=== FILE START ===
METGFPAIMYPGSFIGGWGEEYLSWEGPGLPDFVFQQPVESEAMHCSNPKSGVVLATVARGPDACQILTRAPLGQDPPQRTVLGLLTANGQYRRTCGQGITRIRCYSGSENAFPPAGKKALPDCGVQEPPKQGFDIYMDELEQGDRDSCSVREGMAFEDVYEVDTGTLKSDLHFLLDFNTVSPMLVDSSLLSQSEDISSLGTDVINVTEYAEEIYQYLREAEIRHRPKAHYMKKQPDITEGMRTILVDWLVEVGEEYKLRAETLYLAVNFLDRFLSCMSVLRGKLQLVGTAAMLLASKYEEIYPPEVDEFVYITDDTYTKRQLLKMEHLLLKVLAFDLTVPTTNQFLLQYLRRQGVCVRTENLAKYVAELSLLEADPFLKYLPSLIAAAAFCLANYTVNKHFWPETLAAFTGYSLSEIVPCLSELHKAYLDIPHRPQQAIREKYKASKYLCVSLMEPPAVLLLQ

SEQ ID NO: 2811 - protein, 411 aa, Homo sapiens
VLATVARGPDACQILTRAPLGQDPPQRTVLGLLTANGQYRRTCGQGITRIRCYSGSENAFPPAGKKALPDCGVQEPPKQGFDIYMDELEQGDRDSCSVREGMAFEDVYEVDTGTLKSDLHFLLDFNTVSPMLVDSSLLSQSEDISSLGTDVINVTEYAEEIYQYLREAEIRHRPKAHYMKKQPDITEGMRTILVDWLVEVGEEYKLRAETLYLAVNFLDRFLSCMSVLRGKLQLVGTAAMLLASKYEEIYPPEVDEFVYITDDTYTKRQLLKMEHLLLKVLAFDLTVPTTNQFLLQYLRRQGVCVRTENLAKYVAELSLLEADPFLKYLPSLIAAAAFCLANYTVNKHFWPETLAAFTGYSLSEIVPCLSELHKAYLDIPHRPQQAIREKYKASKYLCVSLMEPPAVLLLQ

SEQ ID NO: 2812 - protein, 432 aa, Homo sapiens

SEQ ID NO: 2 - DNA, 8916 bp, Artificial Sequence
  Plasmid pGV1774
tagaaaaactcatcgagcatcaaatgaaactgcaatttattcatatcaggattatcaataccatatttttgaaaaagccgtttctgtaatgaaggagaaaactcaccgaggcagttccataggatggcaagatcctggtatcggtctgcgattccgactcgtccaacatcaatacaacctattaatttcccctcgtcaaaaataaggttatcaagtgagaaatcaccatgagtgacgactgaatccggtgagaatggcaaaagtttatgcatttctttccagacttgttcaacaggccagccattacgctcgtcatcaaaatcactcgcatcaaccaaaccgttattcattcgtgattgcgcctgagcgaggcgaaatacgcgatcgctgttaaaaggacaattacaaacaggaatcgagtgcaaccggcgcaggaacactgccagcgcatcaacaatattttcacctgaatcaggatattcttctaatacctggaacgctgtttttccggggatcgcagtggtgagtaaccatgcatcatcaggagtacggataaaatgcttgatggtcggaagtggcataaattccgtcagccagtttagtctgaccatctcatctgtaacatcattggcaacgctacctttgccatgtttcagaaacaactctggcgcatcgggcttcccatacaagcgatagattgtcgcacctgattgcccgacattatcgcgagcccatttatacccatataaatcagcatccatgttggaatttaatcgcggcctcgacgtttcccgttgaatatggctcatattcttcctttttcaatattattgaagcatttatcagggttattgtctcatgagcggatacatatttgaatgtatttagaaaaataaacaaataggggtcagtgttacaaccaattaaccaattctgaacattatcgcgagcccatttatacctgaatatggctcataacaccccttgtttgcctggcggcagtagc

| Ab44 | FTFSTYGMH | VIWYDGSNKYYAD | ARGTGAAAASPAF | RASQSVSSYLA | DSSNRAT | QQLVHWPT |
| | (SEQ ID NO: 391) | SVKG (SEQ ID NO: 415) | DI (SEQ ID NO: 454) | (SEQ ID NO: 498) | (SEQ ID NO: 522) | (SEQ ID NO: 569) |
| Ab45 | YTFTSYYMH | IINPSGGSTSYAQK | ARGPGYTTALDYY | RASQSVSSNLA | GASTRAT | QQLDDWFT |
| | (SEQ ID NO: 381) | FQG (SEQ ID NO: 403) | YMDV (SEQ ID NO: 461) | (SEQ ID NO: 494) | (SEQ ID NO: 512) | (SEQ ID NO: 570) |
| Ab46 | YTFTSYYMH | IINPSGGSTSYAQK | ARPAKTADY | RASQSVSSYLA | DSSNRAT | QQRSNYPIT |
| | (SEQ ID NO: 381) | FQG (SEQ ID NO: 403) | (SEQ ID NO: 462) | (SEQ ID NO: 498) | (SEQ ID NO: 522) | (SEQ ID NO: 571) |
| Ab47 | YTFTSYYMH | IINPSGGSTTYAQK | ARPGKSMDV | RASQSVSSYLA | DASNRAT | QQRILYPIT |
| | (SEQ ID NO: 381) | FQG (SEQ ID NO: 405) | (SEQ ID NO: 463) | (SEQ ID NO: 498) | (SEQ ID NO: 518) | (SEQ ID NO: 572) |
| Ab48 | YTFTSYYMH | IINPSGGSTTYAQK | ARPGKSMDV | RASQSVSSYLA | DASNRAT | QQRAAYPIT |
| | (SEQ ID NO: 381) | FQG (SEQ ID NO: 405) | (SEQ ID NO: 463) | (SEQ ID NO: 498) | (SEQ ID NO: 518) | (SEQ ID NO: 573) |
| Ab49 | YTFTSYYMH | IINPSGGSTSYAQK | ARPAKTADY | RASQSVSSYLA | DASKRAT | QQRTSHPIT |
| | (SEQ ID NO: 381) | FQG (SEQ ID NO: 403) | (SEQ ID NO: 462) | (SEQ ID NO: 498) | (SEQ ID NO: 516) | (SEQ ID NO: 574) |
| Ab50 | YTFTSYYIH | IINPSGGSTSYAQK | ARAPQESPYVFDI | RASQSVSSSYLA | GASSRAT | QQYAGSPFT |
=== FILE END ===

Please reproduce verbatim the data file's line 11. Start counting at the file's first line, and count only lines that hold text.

| | (SEQ ID NO: 381) | FQG (SEQ ID NO: 403) | YMDV (SEQ ID NO: 461) | (SEQ ID NO: 494) | (SEQ ID NO: 512) | (SEQ ID NO: 570) |